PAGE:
When Is the Deadline for the NSF Graduate Research Fellowship Program? Your Complete Guide

Each year, the National Science Foundation (NSF) accepts around 1,500 students to their Graduate Research Fellowship Program (GRFP). These students are in the early stages of their graduate school training in a science, technology, engineering, or mathematics (STEM) field. The fellowship provides a 3-year stipend of $34,000. APS encourages eligible psychological science students to apply for this significant and prestigious early-career honor.

Here, we provide a complete overview of the award and how you can apply.

When is the NSF GRFP application deadline?

Deadlines for applications are due in October of the year before the GRFP is awarded and depend on the field of study. They are due by 5:00 PM in the timezone of the applicant’s mailing address on the following days:

Fields of study2020 Deadlines2021 Deadlines
Life Sciences,
Geosciences
October 21, 2019
(Monday)
October 19, 2020
(Monday)
Computer and
Information Science and Engineering, Engineering, Materials Research
October 22, 2019
(Tuesday)
October 20, 2020
(Tuesday)
Psychology, Social
Sciences, STEM Education and Learning
October 24, 2019
(Thursday)
October 22, 2020
(Thursday)
Chemistry, Mathematical Sciences, Physics and
Astronomy
October 25, 2019
(Friday)
October 23, 2020
(Friday)

Applicants to any field of study must solicit three reference letters, which are due at 5:00 PM ET on November 1, 2019 (2020 Deadline) or October 30, 2020 (2021 Deadline).

When are NSF GRFP decisions announced?

Applicants receive notification by e-mail in early April.

What does the NSF GRFP support?

The GRFP supports 3 years of enrollment in a full-time, research-based master’s or doctoral degree program during a 5-year fellowship. For the 2020 award, Fellows receive a stipend of $34,000 and a cost-of-education allowance of $12,000 every year, for a total anticipated funding amount of $138,000. NSF anticipates accepting around 1,500 fellows per year.

Fellows who are enrolled in a 2-year master’s degree program can continue the third year of fellowship in a PhD program.

Who can apply for the NSF GRFP?

According to NSF, to be eligible to apply, you must:

  • Be a U.S. citizen, national, or permanent resident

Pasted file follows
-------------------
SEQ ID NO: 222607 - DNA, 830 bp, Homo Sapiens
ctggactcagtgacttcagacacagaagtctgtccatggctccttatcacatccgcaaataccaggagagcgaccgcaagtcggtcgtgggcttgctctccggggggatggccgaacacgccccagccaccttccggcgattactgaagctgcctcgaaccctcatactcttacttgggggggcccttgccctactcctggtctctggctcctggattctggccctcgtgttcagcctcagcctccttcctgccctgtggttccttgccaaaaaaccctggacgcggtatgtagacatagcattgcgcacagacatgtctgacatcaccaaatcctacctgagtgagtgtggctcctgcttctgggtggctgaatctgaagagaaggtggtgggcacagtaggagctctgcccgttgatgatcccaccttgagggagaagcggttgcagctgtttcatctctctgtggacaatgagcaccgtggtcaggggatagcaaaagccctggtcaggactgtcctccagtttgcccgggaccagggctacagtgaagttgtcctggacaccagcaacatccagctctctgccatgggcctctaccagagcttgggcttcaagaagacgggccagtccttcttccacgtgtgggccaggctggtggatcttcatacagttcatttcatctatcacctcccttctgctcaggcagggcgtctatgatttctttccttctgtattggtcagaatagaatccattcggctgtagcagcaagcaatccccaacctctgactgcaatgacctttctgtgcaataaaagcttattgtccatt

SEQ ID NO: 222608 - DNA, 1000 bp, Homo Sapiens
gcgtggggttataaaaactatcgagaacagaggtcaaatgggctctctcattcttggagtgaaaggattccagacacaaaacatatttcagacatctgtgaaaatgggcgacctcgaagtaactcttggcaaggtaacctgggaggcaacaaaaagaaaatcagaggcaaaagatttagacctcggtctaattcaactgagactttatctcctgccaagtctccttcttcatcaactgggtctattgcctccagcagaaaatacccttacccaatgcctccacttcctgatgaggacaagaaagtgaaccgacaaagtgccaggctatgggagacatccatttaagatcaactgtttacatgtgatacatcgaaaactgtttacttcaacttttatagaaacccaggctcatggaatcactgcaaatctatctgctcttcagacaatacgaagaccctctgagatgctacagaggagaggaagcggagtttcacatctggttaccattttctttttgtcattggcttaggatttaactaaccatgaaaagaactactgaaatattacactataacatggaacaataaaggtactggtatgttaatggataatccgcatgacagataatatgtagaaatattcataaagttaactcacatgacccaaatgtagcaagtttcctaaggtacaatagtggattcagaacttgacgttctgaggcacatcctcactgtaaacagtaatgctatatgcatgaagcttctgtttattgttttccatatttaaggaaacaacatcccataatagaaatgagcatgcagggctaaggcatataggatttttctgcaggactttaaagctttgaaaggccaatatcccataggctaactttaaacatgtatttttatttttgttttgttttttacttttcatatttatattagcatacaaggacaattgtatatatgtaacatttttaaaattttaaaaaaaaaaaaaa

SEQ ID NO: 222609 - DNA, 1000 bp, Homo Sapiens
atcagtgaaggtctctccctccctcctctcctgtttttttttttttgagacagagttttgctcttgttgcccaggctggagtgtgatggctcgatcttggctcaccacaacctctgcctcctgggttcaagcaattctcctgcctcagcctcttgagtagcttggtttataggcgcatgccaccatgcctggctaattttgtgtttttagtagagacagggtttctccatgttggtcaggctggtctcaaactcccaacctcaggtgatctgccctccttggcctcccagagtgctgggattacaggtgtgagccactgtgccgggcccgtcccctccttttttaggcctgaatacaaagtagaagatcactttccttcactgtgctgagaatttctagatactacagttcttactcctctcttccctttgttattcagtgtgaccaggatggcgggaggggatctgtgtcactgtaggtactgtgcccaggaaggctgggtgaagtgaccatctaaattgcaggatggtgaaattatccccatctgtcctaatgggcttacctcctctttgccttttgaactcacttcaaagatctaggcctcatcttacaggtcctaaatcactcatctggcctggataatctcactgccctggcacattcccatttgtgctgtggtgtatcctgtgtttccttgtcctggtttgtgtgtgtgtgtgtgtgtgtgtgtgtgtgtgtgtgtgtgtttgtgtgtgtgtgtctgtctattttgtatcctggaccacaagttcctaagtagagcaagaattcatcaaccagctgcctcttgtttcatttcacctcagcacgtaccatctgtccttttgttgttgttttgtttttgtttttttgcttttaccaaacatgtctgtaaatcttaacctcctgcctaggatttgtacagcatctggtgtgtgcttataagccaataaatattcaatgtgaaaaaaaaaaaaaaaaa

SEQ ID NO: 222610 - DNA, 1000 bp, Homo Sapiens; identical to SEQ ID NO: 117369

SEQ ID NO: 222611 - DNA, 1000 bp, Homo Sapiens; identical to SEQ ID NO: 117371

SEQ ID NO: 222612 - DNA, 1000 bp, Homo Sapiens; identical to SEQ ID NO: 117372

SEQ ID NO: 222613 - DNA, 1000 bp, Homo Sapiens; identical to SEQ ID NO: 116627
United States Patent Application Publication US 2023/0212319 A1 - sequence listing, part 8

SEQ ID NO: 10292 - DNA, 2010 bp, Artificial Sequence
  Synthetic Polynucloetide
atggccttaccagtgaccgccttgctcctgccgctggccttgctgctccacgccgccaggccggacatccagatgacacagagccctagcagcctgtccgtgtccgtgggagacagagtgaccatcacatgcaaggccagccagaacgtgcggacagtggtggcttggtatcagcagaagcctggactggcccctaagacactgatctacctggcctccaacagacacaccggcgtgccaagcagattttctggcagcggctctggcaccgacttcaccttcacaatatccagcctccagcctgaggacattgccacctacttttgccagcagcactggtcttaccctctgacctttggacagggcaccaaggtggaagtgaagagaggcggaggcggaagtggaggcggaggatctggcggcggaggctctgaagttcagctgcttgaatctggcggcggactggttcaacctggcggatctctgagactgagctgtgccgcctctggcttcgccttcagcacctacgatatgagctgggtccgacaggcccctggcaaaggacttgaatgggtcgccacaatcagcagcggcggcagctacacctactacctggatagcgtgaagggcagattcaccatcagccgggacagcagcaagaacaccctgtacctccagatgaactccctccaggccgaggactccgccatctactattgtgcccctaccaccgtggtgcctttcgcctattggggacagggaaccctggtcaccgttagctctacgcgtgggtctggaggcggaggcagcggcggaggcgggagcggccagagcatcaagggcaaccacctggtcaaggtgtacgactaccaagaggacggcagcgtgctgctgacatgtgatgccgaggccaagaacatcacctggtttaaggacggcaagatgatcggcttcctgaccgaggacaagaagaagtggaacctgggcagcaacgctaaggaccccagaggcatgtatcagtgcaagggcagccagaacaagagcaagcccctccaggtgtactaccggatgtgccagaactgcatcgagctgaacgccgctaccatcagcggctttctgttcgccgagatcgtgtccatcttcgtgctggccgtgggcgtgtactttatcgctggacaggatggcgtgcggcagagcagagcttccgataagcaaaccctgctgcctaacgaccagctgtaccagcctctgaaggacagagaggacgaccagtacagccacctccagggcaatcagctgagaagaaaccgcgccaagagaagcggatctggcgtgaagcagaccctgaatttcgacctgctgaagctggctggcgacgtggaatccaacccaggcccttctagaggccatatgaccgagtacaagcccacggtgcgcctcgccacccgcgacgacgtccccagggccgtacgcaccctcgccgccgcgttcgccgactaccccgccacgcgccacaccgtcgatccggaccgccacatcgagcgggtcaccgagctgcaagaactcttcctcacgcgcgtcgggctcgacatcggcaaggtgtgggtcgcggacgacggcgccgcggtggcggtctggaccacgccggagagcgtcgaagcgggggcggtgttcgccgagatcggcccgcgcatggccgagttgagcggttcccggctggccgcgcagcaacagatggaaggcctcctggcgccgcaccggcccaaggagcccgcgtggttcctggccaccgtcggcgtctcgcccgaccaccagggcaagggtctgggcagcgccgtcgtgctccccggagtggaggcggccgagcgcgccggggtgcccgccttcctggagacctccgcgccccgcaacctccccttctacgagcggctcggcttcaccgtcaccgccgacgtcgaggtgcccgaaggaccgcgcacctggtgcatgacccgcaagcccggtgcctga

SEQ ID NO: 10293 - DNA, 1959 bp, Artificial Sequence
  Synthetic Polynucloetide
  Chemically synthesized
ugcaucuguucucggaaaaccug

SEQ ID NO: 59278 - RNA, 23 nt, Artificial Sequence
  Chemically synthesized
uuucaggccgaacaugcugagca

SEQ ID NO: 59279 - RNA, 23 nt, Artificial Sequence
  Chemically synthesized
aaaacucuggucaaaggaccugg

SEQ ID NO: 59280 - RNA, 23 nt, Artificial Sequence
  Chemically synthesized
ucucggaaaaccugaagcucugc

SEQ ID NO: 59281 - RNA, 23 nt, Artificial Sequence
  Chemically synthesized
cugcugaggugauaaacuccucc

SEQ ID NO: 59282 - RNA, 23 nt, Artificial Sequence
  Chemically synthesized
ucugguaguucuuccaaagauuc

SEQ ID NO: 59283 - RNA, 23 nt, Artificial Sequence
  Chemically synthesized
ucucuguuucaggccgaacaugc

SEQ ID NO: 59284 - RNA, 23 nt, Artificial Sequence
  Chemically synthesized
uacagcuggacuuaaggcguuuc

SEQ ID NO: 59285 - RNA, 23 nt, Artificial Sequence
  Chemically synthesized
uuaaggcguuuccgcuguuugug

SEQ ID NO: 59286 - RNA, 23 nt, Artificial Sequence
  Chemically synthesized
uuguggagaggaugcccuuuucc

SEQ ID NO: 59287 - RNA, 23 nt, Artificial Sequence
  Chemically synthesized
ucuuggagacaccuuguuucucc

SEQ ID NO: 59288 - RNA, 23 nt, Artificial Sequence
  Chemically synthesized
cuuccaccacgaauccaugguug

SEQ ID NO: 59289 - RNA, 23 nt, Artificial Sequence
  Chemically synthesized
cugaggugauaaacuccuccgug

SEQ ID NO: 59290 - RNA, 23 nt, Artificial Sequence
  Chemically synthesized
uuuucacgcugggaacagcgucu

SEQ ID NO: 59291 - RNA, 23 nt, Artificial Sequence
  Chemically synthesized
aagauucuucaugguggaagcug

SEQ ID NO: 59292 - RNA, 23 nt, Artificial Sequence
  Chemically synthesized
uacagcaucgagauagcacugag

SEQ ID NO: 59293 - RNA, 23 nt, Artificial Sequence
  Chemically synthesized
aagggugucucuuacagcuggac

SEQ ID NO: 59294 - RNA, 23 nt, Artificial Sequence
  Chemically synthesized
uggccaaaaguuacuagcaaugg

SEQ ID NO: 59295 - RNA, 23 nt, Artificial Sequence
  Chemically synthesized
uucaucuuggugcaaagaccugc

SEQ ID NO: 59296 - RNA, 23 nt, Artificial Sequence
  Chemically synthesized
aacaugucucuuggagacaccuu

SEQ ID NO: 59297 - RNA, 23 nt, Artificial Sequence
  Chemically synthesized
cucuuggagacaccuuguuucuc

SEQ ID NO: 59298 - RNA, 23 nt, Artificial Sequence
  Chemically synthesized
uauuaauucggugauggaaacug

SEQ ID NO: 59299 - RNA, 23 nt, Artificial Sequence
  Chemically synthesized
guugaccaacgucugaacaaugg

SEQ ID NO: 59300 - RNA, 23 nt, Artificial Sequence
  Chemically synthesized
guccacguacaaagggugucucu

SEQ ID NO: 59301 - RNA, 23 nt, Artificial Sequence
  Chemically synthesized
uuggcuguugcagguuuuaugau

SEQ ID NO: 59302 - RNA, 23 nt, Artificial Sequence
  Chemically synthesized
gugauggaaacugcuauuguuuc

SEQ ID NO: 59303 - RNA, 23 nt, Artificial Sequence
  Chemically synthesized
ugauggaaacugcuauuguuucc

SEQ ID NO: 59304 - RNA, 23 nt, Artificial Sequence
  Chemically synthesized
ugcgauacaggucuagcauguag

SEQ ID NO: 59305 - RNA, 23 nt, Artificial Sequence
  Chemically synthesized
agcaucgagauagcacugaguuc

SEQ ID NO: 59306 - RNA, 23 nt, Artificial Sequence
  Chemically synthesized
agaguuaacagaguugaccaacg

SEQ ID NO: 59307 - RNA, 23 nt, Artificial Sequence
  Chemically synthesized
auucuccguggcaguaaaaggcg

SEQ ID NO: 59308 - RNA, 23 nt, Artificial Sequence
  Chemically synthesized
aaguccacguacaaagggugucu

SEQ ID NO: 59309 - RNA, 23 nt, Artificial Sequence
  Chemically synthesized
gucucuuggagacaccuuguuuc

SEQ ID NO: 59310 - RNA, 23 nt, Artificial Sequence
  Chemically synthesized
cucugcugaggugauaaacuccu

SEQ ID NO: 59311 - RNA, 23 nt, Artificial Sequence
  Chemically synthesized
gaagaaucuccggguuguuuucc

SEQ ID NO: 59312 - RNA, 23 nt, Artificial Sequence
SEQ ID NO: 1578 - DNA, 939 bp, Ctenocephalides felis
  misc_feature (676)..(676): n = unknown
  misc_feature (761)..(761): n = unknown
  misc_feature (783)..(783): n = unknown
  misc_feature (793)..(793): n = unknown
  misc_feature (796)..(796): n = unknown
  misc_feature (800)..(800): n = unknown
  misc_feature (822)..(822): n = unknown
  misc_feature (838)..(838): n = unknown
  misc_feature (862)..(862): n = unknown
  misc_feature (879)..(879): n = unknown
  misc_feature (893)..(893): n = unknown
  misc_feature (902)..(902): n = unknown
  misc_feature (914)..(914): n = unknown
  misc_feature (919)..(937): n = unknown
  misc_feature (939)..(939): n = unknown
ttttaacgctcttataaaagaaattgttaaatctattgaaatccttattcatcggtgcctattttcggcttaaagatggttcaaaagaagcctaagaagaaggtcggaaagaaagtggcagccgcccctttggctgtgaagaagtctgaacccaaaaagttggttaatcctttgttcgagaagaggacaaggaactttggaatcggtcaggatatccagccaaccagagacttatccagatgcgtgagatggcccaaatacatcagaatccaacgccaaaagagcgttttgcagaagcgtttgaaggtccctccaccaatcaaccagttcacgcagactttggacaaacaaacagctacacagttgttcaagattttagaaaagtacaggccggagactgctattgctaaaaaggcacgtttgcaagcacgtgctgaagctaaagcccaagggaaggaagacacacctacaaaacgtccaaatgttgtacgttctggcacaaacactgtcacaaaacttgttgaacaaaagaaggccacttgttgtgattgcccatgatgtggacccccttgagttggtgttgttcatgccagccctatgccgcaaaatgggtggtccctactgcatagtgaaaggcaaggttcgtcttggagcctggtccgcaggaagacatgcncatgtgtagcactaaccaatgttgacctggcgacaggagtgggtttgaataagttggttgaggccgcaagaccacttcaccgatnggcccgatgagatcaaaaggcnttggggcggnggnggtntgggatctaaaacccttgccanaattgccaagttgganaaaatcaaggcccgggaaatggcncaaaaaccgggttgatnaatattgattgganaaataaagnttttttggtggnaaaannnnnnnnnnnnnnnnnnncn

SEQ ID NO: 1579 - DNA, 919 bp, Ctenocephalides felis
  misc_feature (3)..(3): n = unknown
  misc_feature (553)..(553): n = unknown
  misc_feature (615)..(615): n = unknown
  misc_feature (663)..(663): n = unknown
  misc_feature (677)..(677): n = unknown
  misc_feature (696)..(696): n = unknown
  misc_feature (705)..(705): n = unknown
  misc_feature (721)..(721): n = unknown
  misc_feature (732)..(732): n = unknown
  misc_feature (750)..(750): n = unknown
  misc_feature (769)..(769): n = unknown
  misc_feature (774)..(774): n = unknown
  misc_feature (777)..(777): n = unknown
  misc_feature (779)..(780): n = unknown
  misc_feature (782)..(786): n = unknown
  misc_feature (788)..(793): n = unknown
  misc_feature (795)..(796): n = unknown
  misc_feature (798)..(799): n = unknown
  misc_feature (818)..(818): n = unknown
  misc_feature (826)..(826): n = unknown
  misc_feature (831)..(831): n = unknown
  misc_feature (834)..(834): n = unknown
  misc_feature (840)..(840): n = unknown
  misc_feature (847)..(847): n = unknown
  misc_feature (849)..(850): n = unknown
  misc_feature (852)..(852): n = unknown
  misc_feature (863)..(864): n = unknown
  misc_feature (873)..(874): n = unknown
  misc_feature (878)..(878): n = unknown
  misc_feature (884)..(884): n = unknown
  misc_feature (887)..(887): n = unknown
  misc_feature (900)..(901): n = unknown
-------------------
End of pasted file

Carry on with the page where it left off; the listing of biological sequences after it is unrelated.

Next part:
• Be enrolled in or intend to enroll in a full-time, research-based graduate program in a STEM or STEM education field
  • Have never earned a doctoral degree
  • Have never earned a master’s, professional, or bachelor’s-master’s dual degree in any field unless there was an interruption of study of at least 2 years
  • Have never previously accepted the GRFP award, or if accepted, declined before the deadline
  • Not be a current NSF employee

Undergraduate seniors and bachelor’s degree holders in the process of applying to a graduate program can apply before enrolling, so long as they are ready to begin their graduate program in the fall after they are awarded the fellowship. Applicants must be accepted into a program by May 1 of the year the award is granted. If they do not receive the award and choose to delay graduate school, they can reapply to the GRFP. If they are offered an award but their plans for graduate school change, they cannot defer the award but can decline before the acceptance deadline without any penalty.

Graduate students are limited to one application, submitted either in the first year of graduate school or at the beginning of the second year.

NSF encourages women, people of underrepresented minority groups, persons with disabilities, veterans, and undergraduate seniors to apply.

What graduate programs are eligible for the NSF GRFP?

The GRFP supports students in full-time, research-based, degree-granting graduate programs in the STEM and STEM education fields. NSF does not accept applications regarding practice-oriented professional degrees such as medicine, dentistry, law, and public health. Degree programs focused on clinical practice, counseling, social work, patient-oriented research, epidemiological and medical behavioral studies, outcomes research, and health-services research are not eligible.

Eligible areas of psychology include: clinical psychological science, cognitive neuroscience, cognitive psychology, comparative psychology, computational psychology, developmental psychology, industrial/organizational, neuropsychology, perception and psychophysics, personality and individual differences, physiological psychology, psycholinguistics, social/affective neuroscience, quantitative psychology, social psychology, and other fields of psychology.

Note that clinical psychological scientists are eligible for the GRFP if the applicant will be doing basic research on a topic that is not described as ineligible by NSF (e.g., only clinical practice, counseling, or social work).

(Read more about APS’s role in advocating for clinical science as an eligible field for the NSF GRFP here.)

 What is required for the NSF GRFP application?

The application includes questions about personal information, education, work and other experience, transcripts, the proposed field(s) of study, and proposed graduate study and graduate school information. Applicants also write a personal statement of relevant background and future goals (three pages) and a graduate-research-plan statement (two pages).

Applicants should also provide three reference letters from nonfamily members. Reference letters are limited to two pages each and should address the applicant’s intellectual merit and potential broader impacts on society.

For an overview of information on the NSF Graduate Research Fellowship Program, click here.

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